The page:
The Child Manuelito

During these days before Christmas, in our emblematic city of Cusco, something unique and traditional for Christmas Eve will take place. Beginning tomorrow, the 23rd and continuing through the 24th, image makers and artisans will show and sell sculptures of a child, almost always tears cover his face thanks to a wound in his foot caused by a thorn. This image is known as the Niño Manuelito, the Child Manuelito (Emmanuel) or the Niño de la Espina, the Child with the Thorn.

The famous sculptor Antonio Olave Palomino was the creator of this marvelous image and it is considered his greatest work. They say that they sculptor was inspired by a story from the area of Vilcabamba that he heard in 1975. The story tells us about a boy shepherd who was called Q’alito. He was playing with other herders. One of them began to cry because of a thorn that had gotten stuck in his foot. When Q’alito saw his friend crying he grabbed a thorn and stuck it in his own foot. He said to the other boy, “don’t worry. I also have a thorn in my foot.” This story made Olave shiver with inspiration and he felt inspired to create the Child with the Thorn.

The old inhabitants of Vilcabamba say that there was a boy whose parents sent every day along with their sheep to the mountains One day the boy returned home late and was quite dirty. His pants were worn in the back. Surprised, his parents chewed him out.

Some days later he came back looking the same and with his pants suddenly worn. He said that after his tasks of herding were settled he had met another boy with whom he played. As a result, his parents decided to give him the task of spinning sheep’s wool.

One day the boy was playing so much that he forgot to spin the wool and began to cry. On seeing him cry the other boy said, “catch a ewe and we will make her spin the wool.” The first boy asked how that was possible. The other said, “just catch her.”

He obeyed and when they had trapped her they had her eat all the wool that had not been spun. From her backside, as if a miracle, the ewe passed wool that was beautifully spun. The boys wound it up into skeins.

Surprised by the quality and quantity of the spun wool, the boy’s parents could find no explanation. So they decided to follow their child. Once they were in the mountains and well hidden, the parents saw their son playing with the other boy on a natural slide. They were laughing and having lots of fun. The other boy had a beautiful face. As evening approached, the parents saw how the boys obtained the amazing spun wool and were amazed. “It’s a miracle,” they said.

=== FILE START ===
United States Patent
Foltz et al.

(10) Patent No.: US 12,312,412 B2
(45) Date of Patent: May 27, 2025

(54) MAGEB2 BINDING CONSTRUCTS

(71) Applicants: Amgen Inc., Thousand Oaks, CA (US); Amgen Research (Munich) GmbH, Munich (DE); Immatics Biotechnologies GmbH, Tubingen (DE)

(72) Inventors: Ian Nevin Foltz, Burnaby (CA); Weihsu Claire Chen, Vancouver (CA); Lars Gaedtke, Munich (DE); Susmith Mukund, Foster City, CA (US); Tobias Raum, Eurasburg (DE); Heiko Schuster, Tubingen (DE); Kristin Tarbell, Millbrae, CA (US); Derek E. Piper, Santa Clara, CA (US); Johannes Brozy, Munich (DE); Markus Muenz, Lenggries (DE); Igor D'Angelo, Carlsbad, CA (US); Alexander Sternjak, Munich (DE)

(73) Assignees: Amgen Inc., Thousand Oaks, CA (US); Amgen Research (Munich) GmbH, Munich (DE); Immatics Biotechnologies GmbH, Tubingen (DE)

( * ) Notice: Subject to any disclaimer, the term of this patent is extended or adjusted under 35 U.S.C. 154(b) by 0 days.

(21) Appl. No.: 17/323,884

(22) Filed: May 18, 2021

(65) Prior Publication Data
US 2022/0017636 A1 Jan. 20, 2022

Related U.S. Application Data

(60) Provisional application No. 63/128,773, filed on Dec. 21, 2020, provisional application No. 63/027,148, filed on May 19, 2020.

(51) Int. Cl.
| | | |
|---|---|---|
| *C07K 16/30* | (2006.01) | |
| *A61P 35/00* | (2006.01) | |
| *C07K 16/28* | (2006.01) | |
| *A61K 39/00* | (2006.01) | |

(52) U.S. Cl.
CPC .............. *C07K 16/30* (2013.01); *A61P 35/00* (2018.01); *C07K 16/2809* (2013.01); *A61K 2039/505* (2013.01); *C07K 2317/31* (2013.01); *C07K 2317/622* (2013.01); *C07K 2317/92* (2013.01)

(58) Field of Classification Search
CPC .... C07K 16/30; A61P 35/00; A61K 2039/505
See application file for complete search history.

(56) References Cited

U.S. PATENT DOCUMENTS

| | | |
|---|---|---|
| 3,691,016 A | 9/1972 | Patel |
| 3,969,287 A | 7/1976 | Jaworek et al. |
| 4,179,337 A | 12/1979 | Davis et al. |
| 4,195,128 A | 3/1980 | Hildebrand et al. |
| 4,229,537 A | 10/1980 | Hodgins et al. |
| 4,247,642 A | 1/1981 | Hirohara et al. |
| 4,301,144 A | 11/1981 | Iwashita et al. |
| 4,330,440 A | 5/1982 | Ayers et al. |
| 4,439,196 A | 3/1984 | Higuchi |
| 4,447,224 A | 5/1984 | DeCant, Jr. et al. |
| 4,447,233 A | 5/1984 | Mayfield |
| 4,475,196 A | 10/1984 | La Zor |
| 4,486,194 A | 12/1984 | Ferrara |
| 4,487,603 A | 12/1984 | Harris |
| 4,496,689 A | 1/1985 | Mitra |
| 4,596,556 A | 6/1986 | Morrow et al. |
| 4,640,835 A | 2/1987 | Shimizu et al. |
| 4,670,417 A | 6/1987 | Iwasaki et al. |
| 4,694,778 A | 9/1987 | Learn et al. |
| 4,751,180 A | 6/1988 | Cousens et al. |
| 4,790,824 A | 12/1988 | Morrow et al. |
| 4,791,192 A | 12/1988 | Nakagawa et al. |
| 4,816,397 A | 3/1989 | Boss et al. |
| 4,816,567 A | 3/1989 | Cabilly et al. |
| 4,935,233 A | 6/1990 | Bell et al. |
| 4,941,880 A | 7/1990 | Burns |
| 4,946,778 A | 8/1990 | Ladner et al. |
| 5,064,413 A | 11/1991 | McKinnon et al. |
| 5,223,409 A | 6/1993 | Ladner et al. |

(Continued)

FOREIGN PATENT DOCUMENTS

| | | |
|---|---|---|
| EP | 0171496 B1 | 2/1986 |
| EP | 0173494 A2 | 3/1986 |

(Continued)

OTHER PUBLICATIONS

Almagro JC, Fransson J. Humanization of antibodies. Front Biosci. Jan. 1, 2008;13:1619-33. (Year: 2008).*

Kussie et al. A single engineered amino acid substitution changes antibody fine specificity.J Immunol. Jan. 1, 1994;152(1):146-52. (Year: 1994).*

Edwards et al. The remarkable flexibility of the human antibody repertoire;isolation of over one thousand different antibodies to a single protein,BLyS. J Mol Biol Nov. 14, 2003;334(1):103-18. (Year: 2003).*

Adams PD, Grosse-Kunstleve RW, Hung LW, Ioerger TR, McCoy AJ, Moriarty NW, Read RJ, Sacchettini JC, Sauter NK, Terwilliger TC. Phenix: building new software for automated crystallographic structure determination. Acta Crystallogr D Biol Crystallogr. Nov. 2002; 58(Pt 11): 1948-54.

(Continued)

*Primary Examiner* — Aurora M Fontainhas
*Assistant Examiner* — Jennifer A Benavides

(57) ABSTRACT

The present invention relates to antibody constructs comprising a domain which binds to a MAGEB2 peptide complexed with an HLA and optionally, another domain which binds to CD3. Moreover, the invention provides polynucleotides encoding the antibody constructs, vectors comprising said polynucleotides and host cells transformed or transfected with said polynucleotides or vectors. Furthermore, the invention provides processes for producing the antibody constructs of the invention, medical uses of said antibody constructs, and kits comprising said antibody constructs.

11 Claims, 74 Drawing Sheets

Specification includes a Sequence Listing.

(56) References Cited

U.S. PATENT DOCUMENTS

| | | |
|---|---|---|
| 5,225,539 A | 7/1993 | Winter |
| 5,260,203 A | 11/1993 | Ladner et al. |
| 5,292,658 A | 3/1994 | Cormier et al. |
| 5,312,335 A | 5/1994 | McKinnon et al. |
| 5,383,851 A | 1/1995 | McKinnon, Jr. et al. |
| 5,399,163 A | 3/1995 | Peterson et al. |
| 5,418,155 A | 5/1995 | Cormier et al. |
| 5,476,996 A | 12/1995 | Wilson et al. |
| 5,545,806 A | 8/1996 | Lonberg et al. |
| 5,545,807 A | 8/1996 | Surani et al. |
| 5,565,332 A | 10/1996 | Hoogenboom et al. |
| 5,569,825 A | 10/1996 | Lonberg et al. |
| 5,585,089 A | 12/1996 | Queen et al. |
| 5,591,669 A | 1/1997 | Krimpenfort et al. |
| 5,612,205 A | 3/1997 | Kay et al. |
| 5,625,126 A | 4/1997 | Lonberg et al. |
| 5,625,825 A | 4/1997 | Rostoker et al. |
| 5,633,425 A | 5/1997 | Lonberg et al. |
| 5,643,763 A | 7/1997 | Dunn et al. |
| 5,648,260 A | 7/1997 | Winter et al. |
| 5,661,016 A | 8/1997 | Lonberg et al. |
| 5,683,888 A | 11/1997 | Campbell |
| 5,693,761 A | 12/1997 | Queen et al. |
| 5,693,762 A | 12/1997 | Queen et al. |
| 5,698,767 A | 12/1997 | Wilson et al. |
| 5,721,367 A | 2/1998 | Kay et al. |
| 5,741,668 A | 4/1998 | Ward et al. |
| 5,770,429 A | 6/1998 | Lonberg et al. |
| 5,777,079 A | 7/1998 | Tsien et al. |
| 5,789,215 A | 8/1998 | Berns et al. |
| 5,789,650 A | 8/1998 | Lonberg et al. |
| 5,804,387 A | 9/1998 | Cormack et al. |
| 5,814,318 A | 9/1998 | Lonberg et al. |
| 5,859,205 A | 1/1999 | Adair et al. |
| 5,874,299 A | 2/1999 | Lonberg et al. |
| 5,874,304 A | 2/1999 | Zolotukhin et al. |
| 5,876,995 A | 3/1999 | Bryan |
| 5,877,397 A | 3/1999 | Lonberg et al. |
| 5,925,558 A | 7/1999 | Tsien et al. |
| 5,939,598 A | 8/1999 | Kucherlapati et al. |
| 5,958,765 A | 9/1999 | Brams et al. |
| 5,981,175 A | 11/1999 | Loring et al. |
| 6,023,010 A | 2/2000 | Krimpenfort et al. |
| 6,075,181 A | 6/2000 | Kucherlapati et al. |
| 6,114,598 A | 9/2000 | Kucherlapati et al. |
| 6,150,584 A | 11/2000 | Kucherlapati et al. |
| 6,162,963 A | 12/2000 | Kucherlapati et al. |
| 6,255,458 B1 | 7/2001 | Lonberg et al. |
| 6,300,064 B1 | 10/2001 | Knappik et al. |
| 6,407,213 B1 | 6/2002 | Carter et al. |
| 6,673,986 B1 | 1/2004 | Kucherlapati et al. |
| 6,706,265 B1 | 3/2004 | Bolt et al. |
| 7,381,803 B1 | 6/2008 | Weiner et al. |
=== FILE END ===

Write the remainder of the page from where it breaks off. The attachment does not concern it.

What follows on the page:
The parents returned home without their boy knowing he had been seen. They decided to tell the whole community about the event. That afternoon, the boy returned with the same quantity of spun wool. His parents received him contentedly and did not chew him out this time. The next day they sent their sun out again to take the sheep to pasture and to spin the wool. When the boy left home, his parents and the people of the community followed him quietly. When they arrived, they saw the two boys playing. Later they could witness the miracle of the spinning of the wool.

As a result, they decided to surround them in order to trap the boy with the beautiful face. As they came closer and closer the boy was converted into a stone statue. Amazed with what they had witnessed the people began to cry. They realized this boy was the Child Jesus. As a result, they decided to take him to the church in the town of Vilcabamba to be venerated by all.

The name of Manuelito comes from Emmanuel which means God with Us and Jesus is the dwelling place for the spirit of God on earth. The name given to the boy is the diminutive of Emmanuel. For that reason, we call him Manuelito and he is the Child Jesus.

Child Jesus (Photo: Brayan Coraza Morveli)
Child Jesus (Photo: Brayan Coraza Morveli)

These days there is a whole variety of images of the Niño Manuelito. They are presented to Cusco during the feast of Santurantikuy. These boys will show certain traits. They will have rosy cheeks and be dressed like indigenous boys in our region. One of the most popular, of course, is the Boy with the Thorn.

According to our oral traditions, the Niño Manuelito is worker of miracles and this is a very important part of our country’s traditions.

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